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Digital education here to stay, and institutions must adapt

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Dr Stanley Mpofu, CIO of Wits University.
Dr Stanley Mpofu, CIO of Wits University.

The pace of digital progress waits for nobody, and the education sector cannot allow itself to fall back on its old ways post-pandemic, said Dr Stanley Mpofu, CIO of Wits University.

Speaking during a webinar on the future of education, hosted by Logitech in partnership with ITWeb, Dr Mpofu said the pandemic had forced education institutions to adapt quickly to enable remote and hybrid learning, and that they should continue to embrace this change post-COVID.

“People were almost forced into the digital state and they may still want to fall back into their old methods. But technology and digitalisation isn’t going to wait for anyone. We already had Wits University on a digital journey when the pandemic struck, and we have continued to drive these programmes, hiring a digital officer, automating processes and deploying AI, robotics and advanced analytics. We have reduced printing and there are no longer huge files of documents being brought into management meetings. Everything is moving into the cloud, and decisions are made on dashboards. You literally have to change the model of your organisation.”

Dr Mpofu said when enabling remote and hybrid learning at the university, he learnt that the students had to be the prime consideration. “The most important stakeholders at the university are the students – you have to understand their needs to make remote and hybrid education relevant and beneficial for them.”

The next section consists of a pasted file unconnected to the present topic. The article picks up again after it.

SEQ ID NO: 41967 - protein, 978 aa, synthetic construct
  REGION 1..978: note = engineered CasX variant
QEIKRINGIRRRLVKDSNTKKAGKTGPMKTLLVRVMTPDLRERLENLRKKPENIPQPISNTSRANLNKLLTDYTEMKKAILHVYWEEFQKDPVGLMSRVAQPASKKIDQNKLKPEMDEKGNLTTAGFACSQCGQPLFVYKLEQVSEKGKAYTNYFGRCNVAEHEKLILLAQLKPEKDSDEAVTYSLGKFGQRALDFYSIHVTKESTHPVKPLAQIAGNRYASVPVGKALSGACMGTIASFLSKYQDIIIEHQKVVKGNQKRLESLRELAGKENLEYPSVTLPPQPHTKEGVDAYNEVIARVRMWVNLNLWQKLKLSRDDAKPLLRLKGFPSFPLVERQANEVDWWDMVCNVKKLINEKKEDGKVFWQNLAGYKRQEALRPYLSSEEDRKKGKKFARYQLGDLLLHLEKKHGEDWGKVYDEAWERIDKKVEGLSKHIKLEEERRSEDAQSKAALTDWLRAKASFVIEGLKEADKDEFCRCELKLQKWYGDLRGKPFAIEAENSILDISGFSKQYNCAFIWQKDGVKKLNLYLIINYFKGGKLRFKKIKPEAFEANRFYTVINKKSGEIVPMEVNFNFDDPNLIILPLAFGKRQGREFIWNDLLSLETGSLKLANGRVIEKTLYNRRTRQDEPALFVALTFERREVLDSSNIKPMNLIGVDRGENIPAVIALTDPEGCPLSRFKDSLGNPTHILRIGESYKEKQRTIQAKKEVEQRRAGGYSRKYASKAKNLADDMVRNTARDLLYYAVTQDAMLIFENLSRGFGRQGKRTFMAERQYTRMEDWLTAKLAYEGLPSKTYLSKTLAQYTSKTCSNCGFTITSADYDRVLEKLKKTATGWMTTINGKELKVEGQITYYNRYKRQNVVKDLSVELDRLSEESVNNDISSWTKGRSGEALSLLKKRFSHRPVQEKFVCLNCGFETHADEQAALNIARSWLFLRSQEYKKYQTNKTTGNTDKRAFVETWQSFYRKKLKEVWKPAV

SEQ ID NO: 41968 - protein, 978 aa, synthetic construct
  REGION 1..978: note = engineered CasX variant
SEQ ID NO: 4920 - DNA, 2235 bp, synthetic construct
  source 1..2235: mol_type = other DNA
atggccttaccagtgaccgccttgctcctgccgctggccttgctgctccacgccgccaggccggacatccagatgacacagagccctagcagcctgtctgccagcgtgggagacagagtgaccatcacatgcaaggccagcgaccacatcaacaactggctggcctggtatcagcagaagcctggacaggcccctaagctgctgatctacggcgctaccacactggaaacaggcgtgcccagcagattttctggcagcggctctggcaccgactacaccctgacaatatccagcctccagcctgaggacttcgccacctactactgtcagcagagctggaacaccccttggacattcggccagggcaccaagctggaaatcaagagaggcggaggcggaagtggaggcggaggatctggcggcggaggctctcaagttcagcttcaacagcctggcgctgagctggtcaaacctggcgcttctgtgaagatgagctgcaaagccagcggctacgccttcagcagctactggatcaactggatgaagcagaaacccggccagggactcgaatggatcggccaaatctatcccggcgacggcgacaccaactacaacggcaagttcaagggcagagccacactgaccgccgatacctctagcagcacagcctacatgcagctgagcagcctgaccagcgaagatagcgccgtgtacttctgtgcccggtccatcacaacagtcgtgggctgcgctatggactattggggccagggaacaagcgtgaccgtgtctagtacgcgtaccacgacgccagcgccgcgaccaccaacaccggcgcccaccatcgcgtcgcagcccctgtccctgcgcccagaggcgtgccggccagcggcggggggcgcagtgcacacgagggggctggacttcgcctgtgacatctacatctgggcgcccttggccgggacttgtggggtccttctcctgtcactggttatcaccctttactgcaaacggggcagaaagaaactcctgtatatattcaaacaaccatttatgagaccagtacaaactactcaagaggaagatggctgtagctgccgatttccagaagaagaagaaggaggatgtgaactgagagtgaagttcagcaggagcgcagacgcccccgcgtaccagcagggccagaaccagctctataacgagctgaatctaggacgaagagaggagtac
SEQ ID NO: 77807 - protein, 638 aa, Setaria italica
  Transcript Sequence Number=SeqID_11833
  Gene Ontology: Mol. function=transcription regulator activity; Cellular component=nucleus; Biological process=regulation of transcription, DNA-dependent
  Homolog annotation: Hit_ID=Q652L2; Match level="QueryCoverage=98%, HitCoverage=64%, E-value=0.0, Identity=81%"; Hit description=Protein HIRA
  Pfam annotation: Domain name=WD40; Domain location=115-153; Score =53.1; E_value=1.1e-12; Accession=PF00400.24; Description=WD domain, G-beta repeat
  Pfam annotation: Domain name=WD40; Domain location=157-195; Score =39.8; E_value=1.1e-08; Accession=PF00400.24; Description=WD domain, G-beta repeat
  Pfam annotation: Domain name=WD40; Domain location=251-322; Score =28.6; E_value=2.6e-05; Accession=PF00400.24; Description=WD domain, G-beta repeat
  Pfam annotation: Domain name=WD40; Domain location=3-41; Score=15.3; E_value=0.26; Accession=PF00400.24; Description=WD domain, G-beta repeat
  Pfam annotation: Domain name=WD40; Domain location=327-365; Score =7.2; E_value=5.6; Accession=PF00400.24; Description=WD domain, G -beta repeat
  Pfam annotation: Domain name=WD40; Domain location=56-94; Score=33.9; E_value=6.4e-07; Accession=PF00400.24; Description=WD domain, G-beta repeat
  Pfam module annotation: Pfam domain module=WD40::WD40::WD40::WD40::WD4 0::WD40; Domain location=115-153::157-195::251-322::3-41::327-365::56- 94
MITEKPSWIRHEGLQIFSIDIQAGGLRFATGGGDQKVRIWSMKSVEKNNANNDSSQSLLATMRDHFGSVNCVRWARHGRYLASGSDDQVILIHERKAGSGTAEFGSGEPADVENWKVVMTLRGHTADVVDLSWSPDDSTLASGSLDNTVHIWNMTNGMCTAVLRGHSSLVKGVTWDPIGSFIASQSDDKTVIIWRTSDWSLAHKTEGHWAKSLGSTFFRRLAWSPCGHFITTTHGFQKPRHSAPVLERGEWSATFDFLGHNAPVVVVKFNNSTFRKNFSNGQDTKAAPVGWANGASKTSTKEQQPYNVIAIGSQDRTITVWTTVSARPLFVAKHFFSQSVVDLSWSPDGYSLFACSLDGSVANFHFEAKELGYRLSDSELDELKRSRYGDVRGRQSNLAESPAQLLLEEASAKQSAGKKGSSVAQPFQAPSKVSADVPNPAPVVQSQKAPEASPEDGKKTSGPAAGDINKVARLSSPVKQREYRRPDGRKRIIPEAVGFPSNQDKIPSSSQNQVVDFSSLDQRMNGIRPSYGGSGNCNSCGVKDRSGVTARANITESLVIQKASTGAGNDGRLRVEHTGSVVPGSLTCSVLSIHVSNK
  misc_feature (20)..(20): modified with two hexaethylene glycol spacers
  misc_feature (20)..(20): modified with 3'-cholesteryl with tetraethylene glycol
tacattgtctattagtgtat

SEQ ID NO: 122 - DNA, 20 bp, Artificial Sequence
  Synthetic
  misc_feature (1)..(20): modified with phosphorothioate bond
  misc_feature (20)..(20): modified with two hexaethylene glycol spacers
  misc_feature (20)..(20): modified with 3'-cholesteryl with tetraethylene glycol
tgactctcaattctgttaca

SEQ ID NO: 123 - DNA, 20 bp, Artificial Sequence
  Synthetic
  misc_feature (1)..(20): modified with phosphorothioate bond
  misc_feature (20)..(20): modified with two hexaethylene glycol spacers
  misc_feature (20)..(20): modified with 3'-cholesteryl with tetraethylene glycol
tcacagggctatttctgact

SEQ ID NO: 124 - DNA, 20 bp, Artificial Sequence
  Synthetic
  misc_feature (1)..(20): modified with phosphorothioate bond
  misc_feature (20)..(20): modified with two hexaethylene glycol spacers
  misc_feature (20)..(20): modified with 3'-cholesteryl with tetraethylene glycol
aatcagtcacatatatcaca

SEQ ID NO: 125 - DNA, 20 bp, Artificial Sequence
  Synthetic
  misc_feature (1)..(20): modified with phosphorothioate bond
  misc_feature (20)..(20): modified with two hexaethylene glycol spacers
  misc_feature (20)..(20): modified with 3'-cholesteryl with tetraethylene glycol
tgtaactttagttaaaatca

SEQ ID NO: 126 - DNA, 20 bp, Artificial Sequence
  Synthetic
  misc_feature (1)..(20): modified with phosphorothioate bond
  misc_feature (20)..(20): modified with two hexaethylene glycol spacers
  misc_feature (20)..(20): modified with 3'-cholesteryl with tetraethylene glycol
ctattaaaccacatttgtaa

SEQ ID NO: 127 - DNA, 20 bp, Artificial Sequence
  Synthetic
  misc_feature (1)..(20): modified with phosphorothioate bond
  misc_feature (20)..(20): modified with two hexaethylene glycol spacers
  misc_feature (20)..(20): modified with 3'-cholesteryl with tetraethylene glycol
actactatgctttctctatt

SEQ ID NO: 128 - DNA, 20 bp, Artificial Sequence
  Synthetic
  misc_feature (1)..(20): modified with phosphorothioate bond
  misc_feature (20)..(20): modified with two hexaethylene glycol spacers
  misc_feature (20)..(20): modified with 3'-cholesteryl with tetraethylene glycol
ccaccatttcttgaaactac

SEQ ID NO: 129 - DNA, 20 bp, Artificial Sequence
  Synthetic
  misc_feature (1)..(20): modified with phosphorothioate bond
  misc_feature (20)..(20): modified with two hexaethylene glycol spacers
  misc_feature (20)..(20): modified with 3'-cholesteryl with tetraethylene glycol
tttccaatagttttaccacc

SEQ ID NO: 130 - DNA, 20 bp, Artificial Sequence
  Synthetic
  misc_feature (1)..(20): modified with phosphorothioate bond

He said the university had been preparing to roll out remote learning since 2018, and had found that the students needed access to materials and lectures at all hours of the day and night. It had also been determined that many could not afford devices and data, and some were not computer literate. To make remote and hybrid learning successful when COVID-19 struck, the university had negotiated data rates with MNOs and couriered devices to students.

“The health status of students is critical too,” he said. “A lot goes on in their minds – fear of failure, security, inadequate access to technology. Therefore, in addition to lectures, we need to put an ecosystem in place to enable engagement and counselling so that students can function optimally. If the technology doesn’t serve all the interests of students and lecturers, its relevance will be tested.”

Molly Schmidt, education marketing expert – Education at Logitech, said Logitech had focused heavily on partnership and enablement since the start of the pandemic, to help education institutions adapt to digitally enabled learning. “Logitech is ready to step in as a partner on educational equity. We know technology isn’t new, but the speed with which we were forced to incorporate that became an issue for schools across the globe,” she said.

Schmidt noted that Logitech partners with Zoom, Microsoft and Google to put together pieces of the ideal smart classroom, which delivers captivating, motivating and dynamic experiences for learners and students, whether in a classroom or at home. She said Logitech has addressed specific challenges educators have – such as difficulty using AV systems and managing cameras while also writing on a board – with its solutions for education. These include webcams, headsets and the Rally Bar camera – which uses AI to automatically follow the educator – as well as Scribe, the company's new virtual whiteboard camera.

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